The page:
Amnesty International Australia says one of the main aims during its visit to Nauru next week is to find out why asylum seeker processing has not yet begun.
Two refugee special9_rnzi.news.world/pacific-air
ists from the human rights watchdog will leave on Monday for a three-day investigation of conditions in Australia's detention centre on the island.
Nearly 400 asylum seekers are detained in the camp with disputed numbers taking part in a hunger strike in protest at Canberra's re-introduced offshore processing policy.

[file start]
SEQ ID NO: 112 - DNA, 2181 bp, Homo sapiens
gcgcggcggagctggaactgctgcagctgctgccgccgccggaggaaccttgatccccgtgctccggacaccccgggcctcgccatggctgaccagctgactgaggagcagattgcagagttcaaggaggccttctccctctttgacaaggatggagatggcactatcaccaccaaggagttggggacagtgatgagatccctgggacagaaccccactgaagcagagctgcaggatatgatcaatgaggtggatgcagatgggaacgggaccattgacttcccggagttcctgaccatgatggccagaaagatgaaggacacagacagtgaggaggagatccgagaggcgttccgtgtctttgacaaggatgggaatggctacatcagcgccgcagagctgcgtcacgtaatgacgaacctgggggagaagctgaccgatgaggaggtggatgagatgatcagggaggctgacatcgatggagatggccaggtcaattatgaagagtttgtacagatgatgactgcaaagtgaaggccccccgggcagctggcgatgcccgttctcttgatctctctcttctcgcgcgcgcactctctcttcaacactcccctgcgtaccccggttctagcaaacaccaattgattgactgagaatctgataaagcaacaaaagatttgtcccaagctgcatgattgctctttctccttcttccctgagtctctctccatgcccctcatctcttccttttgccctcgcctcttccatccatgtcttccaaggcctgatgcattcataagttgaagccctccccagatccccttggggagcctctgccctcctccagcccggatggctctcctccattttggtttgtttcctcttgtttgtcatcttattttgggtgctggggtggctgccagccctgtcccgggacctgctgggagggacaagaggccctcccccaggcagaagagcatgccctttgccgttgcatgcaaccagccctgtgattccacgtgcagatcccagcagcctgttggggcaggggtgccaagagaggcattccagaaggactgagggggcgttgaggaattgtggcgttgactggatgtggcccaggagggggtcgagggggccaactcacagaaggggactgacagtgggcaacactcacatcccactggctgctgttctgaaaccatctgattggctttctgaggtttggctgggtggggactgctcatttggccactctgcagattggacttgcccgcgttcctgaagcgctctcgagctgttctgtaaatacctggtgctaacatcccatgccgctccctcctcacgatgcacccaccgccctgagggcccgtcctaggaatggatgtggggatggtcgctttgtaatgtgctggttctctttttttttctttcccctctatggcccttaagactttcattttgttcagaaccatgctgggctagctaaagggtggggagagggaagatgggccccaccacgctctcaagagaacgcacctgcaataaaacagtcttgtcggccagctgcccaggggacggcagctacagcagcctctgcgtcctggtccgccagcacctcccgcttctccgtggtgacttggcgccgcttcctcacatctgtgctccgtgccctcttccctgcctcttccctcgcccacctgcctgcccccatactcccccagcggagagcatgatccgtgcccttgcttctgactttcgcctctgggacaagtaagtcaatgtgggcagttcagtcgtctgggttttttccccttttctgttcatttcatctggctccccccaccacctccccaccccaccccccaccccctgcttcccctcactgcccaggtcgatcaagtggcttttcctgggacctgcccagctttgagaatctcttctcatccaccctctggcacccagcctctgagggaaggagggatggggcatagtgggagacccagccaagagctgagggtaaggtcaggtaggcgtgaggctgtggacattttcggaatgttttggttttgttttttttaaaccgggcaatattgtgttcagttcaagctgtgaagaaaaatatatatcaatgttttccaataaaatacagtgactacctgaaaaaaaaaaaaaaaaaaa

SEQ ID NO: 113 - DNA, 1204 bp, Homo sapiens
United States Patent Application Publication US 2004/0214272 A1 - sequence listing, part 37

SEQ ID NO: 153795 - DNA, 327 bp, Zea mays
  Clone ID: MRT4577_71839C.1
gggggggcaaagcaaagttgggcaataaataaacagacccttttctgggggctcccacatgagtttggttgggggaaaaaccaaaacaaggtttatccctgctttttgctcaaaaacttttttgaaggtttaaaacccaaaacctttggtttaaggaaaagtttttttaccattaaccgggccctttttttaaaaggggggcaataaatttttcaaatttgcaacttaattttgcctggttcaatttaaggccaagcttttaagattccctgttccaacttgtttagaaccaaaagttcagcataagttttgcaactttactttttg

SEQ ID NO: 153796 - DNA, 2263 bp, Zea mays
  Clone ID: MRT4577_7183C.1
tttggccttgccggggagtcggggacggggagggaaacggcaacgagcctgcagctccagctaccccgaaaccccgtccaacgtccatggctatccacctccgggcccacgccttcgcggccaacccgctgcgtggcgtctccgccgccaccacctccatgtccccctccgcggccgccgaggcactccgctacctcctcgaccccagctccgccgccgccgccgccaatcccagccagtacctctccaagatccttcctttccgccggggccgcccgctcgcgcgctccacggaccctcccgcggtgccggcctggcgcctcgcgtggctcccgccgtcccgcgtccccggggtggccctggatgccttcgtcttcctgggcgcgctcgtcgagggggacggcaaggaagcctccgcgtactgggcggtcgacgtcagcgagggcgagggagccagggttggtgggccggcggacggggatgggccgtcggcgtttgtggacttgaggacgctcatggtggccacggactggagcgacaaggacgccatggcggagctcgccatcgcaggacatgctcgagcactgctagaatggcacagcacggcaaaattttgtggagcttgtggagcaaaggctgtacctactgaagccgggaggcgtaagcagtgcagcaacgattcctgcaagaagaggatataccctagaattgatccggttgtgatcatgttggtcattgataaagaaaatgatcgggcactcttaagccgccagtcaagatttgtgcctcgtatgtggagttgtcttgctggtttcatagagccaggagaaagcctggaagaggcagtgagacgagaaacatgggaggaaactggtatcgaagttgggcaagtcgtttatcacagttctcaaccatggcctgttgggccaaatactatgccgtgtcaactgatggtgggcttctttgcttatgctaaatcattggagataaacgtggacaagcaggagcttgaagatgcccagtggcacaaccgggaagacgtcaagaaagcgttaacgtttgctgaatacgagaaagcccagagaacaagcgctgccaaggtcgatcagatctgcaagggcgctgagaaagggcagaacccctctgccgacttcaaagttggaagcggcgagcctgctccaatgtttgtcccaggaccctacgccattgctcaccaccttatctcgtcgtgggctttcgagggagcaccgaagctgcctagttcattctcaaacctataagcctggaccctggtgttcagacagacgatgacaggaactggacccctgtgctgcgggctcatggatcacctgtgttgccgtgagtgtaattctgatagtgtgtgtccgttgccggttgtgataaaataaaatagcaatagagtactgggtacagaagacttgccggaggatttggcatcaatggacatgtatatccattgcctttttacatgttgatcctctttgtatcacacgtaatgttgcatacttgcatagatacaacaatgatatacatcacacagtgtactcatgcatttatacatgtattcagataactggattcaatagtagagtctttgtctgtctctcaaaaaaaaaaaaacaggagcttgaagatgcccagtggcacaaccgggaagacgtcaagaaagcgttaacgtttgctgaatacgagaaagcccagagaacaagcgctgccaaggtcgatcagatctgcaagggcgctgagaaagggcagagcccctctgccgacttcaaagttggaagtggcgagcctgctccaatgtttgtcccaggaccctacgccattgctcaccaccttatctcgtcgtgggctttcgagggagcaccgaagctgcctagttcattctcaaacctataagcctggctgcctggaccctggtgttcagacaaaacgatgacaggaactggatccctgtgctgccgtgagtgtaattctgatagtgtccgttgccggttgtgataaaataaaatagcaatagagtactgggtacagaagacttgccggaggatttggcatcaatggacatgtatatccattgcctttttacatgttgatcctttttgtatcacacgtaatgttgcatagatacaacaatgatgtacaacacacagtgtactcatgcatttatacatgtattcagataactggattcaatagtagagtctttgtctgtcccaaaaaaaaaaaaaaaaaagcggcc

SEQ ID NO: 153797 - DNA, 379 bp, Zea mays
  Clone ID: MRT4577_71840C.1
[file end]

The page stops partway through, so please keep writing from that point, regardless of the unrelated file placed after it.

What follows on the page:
There have also been instances of self-harm in alleged grim conditions.
Amnesty's Alex Pagliaro says she and her colleague hope to get full access to the camp and conduct in-depth interviews with detainees.
"We really have all been in the dark about what's really happening there and what we think is the best way to get change and to get improvements on the island and also to the policy overall is to have as many Australians as possible aware of what is happening."
Alex Pagliaro says she will also look at the mental health services provided in the camp.